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Bus crash wrecks lights

A Highland Council engineer repairs and replaces the damaged lights at the Huntly Street-Ness Bridge junction in Inverness.
A Highland Council engineer repairs and replaces the damaged lights at the Huntly Street-Ness Bridge junction in Inverness.

Then and now, submitted and McCook pic/s.

IAIN RAMAGE

A bus was responsible for destroying a set of Inverness traffic lights at the weekend.

The equipment, at the Huntly Street-Young Street Ness bridge junction, was left ruptured and blew all other lights at the busy crossroads for two days.

The incident happened late on Friday night. There are no reports of anyone being injured.

The police reported the incident to the council’s out-of-hours number at 12.45am on Saturday.

Council repairmen were restoring the lights yesterday.

The damage has cost the council about £1,000 in repairs.

A spokeswoman for the force said: “The bus driver attended Burnett Road Police Station after the bump to explain the rear of the bus hit the lights as he was turning onto Young Street.

“The council is repairing the lights. We’re not looking into this any further.”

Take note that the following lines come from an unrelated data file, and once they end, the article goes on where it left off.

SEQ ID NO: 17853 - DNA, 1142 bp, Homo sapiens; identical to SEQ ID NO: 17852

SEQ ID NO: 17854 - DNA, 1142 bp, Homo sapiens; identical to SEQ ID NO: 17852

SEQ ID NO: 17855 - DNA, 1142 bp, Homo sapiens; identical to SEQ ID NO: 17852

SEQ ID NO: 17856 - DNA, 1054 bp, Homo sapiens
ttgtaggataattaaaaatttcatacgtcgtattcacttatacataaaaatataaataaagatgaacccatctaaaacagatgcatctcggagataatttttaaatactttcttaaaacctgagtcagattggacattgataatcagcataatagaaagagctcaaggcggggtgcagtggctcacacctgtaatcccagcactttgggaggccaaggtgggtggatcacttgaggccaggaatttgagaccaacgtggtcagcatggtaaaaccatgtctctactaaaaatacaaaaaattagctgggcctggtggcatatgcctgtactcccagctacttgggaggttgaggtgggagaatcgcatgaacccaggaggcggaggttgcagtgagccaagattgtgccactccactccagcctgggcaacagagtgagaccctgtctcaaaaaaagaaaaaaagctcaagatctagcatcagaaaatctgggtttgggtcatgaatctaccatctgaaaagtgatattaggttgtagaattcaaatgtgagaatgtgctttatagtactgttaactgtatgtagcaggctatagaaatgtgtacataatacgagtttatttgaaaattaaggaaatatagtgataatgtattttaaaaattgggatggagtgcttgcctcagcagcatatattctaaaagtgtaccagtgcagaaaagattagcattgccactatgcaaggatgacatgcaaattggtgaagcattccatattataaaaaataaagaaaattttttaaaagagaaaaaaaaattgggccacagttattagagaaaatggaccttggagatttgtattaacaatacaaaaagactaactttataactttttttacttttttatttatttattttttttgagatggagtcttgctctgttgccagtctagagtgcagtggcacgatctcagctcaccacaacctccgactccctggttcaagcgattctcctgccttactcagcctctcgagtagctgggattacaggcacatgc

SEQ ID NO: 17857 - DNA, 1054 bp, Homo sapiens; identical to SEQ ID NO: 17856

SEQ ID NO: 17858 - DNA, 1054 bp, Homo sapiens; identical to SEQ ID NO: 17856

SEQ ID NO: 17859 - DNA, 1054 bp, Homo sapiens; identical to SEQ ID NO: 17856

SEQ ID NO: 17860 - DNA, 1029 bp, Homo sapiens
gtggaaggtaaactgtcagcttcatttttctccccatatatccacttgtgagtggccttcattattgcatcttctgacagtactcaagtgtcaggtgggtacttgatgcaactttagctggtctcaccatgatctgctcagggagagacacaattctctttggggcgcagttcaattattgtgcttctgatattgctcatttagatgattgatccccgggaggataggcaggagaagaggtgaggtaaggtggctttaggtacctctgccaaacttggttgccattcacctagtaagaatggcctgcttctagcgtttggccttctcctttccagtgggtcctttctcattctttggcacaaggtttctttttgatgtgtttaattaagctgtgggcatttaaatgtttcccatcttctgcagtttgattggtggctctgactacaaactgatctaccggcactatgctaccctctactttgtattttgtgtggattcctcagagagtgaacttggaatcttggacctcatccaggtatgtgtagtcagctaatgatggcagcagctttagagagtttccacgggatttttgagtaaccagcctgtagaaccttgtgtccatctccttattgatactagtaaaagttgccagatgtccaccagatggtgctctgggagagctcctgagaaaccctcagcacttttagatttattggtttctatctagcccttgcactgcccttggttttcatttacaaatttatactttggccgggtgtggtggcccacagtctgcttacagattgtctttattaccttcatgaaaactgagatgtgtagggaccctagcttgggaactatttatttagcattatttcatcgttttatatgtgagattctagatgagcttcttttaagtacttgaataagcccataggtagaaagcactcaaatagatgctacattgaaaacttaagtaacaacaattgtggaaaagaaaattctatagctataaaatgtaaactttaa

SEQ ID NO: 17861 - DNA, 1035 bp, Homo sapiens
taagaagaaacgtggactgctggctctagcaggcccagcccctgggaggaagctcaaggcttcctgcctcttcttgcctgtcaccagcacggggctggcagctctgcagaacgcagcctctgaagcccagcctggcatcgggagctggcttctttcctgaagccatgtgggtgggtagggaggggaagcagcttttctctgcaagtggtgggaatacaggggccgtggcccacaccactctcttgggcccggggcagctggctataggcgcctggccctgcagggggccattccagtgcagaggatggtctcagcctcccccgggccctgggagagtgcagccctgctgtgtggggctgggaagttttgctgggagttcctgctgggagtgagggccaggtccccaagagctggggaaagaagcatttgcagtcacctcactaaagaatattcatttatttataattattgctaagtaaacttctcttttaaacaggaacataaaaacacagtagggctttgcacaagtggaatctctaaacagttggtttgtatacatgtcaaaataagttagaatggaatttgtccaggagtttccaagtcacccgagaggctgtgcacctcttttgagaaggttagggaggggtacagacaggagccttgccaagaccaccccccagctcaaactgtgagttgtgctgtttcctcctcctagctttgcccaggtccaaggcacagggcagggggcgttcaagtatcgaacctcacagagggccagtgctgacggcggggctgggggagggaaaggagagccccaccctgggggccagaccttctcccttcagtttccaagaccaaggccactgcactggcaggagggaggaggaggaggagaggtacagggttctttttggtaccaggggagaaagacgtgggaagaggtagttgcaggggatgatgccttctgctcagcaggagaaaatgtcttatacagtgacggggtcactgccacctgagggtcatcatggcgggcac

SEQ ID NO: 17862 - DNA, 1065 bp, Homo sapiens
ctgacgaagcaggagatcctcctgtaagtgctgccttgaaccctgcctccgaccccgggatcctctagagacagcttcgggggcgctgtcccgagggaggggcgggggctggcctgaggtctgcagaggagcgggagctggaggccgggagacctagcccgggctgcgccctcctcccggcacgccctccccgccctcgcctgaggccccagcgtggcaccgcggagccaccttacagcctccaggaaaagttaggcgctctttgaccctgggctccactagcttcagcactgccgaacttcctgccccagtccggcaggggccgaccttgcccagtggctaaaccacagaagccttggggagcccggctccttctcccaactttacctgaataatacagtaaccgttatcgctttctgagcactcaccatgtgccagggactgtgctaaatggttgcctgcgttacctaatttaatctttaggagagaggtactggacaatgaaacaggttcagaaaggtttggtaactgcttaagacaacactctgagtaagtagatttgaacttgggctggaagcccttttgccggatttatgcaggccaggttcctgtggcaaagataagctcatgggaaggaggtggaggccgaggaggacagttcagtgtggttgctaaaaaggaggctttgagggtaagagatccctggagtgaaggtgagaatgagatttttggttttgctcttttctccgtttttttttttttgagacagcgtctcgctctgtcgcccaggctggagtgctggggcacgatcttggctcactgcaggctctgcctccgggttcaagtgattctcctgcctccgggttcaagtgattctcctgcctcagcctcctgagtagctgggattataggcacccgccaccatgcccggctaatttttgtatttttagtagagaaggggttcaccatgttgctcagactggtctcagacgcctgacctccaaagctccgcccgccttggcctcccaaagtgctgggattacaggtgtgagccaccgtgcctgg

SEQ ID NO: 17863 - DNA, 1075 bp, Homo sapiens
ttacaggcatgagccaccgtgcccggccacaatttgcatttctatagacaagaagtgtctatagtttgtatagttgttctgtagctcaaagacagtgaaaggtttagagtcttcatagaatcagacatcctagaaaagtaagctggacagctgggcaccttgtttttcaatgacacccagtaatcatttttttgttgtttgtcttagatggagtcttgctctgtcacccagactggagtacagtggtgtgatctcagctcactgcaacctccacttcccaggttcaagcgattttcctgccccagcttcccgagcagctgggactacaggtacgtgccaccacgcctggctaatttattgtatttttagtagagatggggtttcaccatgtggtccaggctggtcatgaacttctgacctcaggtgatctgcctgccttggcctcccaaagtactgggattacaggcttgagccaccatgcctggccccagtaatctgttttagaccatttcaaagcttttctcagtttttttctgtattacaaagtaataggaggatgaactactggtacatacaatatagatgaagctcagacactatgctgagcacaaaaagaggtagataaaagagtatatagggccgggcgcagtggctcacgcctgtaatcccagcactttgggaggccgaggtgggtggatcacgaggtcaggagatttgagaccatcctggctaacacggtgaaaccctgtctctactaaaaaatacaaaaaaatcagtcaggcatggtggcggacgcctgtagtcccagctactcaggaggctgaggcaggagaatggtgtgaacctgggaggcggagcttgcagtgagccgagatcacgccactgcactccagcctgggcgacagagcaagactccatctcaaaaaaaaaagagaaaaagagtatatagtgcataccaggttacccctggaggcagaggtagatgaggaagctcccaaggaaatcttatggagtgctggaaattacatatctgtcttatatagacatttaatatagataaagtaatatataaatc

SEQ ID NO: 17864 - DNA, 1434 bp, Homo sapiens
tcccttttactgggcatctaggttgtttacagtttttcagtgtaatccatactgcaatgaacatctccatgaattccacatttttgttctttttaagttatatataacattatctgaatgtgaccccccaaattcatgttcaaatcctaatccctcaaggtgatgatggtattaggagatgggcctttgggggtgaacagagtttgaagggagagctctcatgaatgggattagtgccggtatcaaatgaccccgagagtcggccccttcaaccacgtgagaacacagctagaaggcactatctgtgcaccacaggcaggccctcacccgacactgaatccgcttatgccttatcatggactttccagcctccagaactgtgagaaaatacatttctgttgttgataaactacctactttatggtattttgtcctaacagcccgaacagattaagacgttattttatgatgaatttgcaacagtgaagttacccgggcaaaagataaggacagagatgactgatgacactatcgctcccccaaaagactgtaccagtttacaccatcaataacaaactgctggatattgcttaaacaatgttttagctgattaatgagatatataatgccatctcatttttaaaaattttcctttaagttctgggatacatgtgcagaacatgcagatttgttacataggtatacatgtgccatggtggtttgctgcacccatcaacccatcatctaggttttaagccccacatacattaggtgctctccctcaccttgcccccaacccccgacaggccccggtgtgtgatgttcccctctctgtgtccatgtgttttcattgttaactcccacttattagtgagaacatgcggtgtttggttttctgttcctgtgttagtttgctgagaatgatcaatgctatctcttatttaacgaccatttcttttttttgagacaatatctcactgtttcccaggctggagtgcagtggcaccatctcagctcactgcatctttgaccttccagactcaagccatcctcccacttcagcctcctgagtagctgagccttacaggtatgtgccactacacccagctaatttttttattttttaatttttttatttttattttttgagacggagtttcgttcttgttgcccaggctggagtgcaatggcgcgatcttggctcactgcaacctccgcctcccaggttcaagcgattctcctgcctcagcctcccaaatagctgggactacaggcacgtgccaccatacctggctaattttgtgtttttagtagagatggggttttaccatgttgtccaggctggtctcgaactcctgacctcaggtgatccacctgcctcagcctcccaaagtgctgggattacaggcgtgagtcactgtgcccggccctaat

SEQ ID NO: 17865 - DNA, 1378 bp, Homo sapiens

Although there was no suggestion the bus driver had flouted the junction’s no-left-turn stipulation, the crossroads has quickly gathered a reputation as dangerous because of the number of motorists who ignore the restriction.

Huntly Street’s no-left-turn arrangement was introduced as part of recently revised traffic priorities in the area after flood prevention works were completed.

The Press and Journal recently highlighted the regular problem of drivers flouting the new junction rules.

Local councillors are furious that “irresponsible drivers” have often endangered pedestrians at the busy crossing point.

The Huntly Street restriction was agreed by the council’s city committee in 2014 while the road was still closed for flood works.

Councillors had feared that the riverside route would be used as a so-called “rat run” by drivers frustrated with traffic queues on Kenneth Street if no restriction was put in place.

Abuse of the junction recently prompted fresh calls from some councillors and community councillors for a review of the restriction.

The force spokeswoman confirmed that the Inverness city centre community beats teams has received numerous reports in recent months about drivers turning left and general parking issues.

“They have incorporated this into their patrol plans and continue to monitor the issue,” she said.

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